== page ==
“Sharpscrap Handgonne of the Master (+4 Critical Hit Chance)”, “Carnage Saw of The Bear (+28 Physical Damage & 3 Mana Stolen Per Hit)”. Saliva pooling? Buy Torchlight at once!
Yes, Torchlight is the latest in that distinct category of games: the loot spewing, Diablo-style dungeon crawler. And an unabashedly simple one at that. The game is set in Torchlight – a small village populated by miners, merchants and other mysterious bods who dish out rudimentary quests and enchant items. There’s even a shady trader there who sells you mystery items – you don’t know what you’re going to get until you’ve paid your cash. Below Torchlight is a labyrinthine, randomly generated series of dungeons filled to the brim with monsters and ludicrously named equipment. What more could you possibly want? Not much really. Torchlight knows exactly what you want and how to give it to you.
You start by picking one of three character classes: the Destroyer (tank); the Alchemist (mage); or the Vanquisher (ranger); and the simplicity begins here. You can’t decide what gender you play – it’s fixed, with the Vanquisher being the only female of the three (and therefore naturally the one I picked). Your starting attributes and equipment are also set. In fact, the only thing you can change is your name and what pet you take with you (and their name as well). I’ll come to your pet in a mo.
The game follows a familiar path. You enter the dungeon because... well, why wouldn’t you? (OK, someone asks you nicely). In the dungeon you whack baddies until your pockets are bursting with loot. You equip the good stuff, which makes it easier to whack more monsters and gain more goodies, and sell what you don’t want so you can buy better equipment with which to get better equipment. Kill, loot, kill, loot, sell, kill, loot, level-up, KILL HARDER. Sounds lovely, doesn’t it?
Levelling up occurs frequently in Torchlight – you’ll be level 20+ before you know it - and allows the standard perks you’d expect: Increased stats and a bonus skill. The skills range from increased experience or gold drops, to vicious combat perks like flechette traps. Eventually you can retire your high level character who can then dish out perks to any other characters you create. Nice touch.
As previously mentioned, aiding you in your dungeoneering is your pet - a lovely looking, wolf-like dog or an equally pretty cat. They’re not just eye candy though – these critters can fight, equip rings and amulets, and cast spells. You can also turn them into other creatures by feeding them fish (of course). Brilliantly, they can also be loaded up with loot and sent back to Torchlight to sell everything, thus ensuring you never have to break from the intoxicating kill-loot-level up cycle. Although this does mean you’ll have to fight on without them whilst they strike up the best bargains in town and the further you are in the dungeon, the longer they take getting back.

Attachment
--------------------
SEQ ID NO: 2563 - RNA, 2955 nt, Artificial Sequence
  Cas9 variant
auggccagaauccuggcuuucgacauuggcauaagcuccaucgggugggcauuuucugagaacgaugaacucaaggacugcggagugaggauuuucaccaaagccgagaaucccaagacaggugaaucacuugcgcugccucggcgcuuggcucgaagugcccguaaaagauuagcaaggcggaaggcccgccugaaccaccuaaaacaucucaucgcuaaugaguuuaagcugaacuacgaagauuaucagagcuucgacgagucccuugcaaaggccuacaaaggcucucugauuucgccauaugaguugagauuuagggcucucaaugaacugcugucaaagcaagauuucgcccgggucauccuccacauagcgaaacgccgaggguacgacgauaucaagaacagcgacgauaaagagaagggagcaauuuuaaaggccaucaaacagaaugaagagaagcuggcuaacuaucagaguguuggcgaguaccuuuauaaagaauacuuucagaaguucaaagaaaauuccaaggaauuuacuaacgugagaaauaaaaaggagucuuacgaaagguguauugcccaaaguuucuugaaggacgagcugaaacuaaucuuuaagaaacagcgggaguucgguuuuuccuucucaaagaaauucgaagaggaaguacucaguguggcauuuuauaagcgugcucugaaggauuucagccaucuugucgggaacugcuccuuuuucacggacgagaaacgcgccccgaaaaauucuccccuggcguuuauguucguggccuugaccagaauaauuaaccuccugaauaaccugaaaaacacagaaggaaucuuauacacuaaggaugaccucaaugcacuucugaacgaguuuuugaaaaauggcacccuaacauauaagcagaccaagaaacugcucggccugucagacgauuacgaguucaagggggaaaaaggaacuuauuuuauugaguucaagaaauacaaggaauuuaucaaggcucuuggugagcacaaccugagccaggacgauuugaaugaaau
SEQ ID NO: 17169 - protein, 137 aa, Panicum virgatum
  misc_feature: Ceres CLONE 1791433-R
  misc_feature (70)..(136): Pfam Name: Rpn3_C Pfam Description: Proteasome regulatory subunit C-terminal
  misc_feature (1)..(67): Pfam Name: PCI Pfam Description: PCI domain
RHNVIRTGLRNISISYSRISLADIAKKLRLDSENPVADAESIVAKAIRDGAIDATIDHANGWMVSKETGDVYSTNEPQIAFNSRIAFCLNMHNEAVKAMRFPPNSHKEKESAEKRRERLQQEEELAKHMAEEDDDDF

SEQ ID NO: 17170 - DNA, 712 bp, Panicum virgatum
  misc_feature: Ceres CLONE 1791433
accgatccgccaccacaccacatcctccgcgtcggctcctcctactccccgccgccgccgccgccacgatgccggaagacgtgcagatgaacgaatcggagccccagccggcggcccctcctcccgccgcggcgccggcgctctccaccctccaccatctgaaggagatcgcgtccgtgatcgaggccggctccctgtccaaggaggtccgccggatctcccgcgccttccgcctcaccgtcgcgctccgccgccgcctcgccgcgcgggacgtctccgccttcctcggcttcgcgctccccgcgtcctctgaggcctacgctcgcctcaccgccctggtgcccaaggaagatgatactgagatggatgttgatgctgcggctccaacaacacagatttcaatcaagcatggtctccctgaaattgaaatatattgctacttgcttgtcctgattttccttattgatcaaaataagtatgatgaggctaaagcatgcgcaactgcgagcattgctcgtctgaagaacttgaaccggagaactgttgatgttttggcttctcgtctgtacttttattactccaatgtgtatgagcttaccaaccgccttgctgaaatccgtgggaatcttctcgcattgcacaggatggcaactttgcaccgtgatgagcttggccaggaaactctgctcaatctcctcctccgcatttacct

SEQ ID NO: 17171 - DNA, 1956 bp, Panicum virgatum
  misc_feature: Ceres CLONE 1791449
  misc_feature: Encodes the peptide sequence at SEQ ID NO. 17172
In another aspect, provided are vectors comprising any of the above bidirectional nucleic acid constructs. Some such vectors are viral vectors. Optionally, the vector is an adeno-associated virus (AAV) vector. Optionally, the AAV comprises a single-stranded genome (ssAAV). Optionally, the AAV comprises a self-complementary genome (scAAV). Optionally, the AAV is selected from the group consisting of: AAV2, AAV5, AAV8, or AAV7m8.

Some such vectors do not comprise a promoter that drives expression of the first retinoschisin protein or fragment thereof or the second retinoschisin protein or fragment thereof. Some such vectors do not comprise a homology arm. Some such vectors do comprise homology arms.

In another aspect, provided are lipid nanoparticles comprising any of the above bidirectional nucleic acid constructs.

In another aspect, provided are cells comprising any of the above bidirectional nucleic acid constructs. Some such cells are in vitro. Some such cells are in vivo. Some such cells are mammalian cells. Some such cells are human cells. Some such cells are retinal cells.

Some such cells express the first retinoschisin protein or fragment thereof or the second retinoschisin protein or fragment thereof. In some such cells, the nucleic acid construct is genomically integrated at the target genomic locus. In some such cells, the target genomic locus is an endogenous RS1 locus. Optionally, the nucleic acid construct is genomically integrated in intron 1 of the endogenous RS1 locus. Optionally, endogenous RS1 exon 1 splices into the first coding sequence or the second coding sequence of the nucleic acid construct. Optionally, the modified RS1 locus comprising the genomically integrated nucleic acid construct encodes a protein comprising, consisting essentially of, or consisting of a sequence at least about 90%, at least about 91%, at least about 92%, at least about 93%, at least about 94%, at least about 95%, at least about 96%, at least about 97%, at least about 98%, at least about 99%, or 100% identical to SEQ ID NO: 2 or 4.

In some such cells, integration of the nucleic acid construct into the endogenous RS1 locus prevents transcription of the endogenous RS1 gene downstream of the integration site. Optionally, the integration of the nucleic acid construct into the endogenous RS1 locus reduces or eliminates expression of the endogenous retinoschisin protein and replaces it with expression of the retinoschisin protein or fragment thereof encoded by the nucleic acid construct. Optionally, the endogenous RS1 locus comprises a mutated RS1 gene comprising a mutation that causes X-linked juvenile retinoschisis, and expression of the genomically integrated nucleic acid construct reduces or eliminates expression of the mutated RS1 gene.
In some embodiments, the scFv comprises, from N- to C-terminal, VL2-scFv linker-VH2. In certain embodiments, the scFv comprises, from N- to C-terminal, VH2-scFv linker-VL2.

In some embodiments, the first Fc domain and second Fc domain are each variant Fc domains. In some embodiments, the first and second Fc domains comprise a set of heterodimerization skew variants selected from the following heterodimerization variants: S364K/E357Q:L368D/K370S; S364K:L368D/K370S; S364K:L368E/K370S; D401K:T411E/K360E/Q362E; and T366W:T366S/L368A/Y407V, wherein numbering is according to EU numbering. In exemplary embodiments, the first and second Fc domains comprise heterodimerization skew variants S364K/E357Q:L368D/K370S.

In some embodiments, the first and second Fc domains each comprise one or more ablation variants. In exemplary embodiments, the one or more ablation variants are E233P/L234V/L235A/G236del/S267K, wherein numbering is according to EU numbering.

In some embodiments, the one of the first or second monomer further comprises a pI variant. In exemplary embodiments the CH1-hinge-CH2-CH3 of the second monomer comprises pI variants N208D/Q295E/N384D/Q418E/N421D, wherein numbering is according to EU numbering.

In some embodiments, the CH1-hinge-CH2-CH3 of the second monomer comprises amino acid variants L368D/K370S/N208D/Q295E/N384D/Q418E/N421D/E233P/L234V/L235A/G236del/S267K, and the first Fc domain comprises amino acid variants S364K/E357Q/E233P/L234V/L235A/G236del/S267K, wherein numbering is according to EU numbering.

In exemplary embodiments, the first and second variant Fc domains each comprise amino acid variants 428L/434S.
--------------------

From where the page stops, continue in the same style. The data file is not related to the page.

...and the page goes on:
All this familiar gameplay is set in a gorgeous world. The graphics are vibrant, colourful cartoons and each character has stacks of personality. In fact, one of the things I enjoyed most about finding new armour, apart from chuckling at the name and cooing at the buffs, was seeing what it looked like on my character. I’d stop fighting, zoom the camera right in and prance around modelling my shiny new armour. All the monsters are lovingly animated too, and seeing what the next level is going to throw at you is as joyful as finding a new Blunderbuss of Irate Pain. The music, too, is rather pleasant – all acoustic guitars and dramatic scores - and underpins the action and atmosphere beautifully.
“What about criticisms, phat_chopps”, I hear you cry, “There must be some, right?”. Yes, dear reader, there are, and they tend to stem from the game’s determined simplicity. The camera angle is fixed – you can zoom in and out, but not rotate or pan. Considering how lovely everything looks, this is frustrating and slightly perplexing.
The quests begin to grate after a while – they’re just too samey. Actually, they pretty much ARE the same quest repeated time after time, just changing the name of the monster you’re sent to destroy, or the name of the item you need to recover. This can sometimes make Torchlight feel a bit like a grind, although this is countered by not playing the game for hours at a time.
Oh, and a word of advice – don’t play the game on anything lower than the ‘Hard’ difficulty setting. It’s stupendously easy if you do. There’s a hardcore setting for the masochists among us which means that death is final. No respawning – just dead. I can’t imagine why you’d want to play like this though – surely it takes the fun out of the game?
None of these flaws stop me loving Torchlight to death though. It’s brilliantly made, great fun and a game you can play for 30 minutes or 3 hours. And at around £15 it’s a stonking bargain too.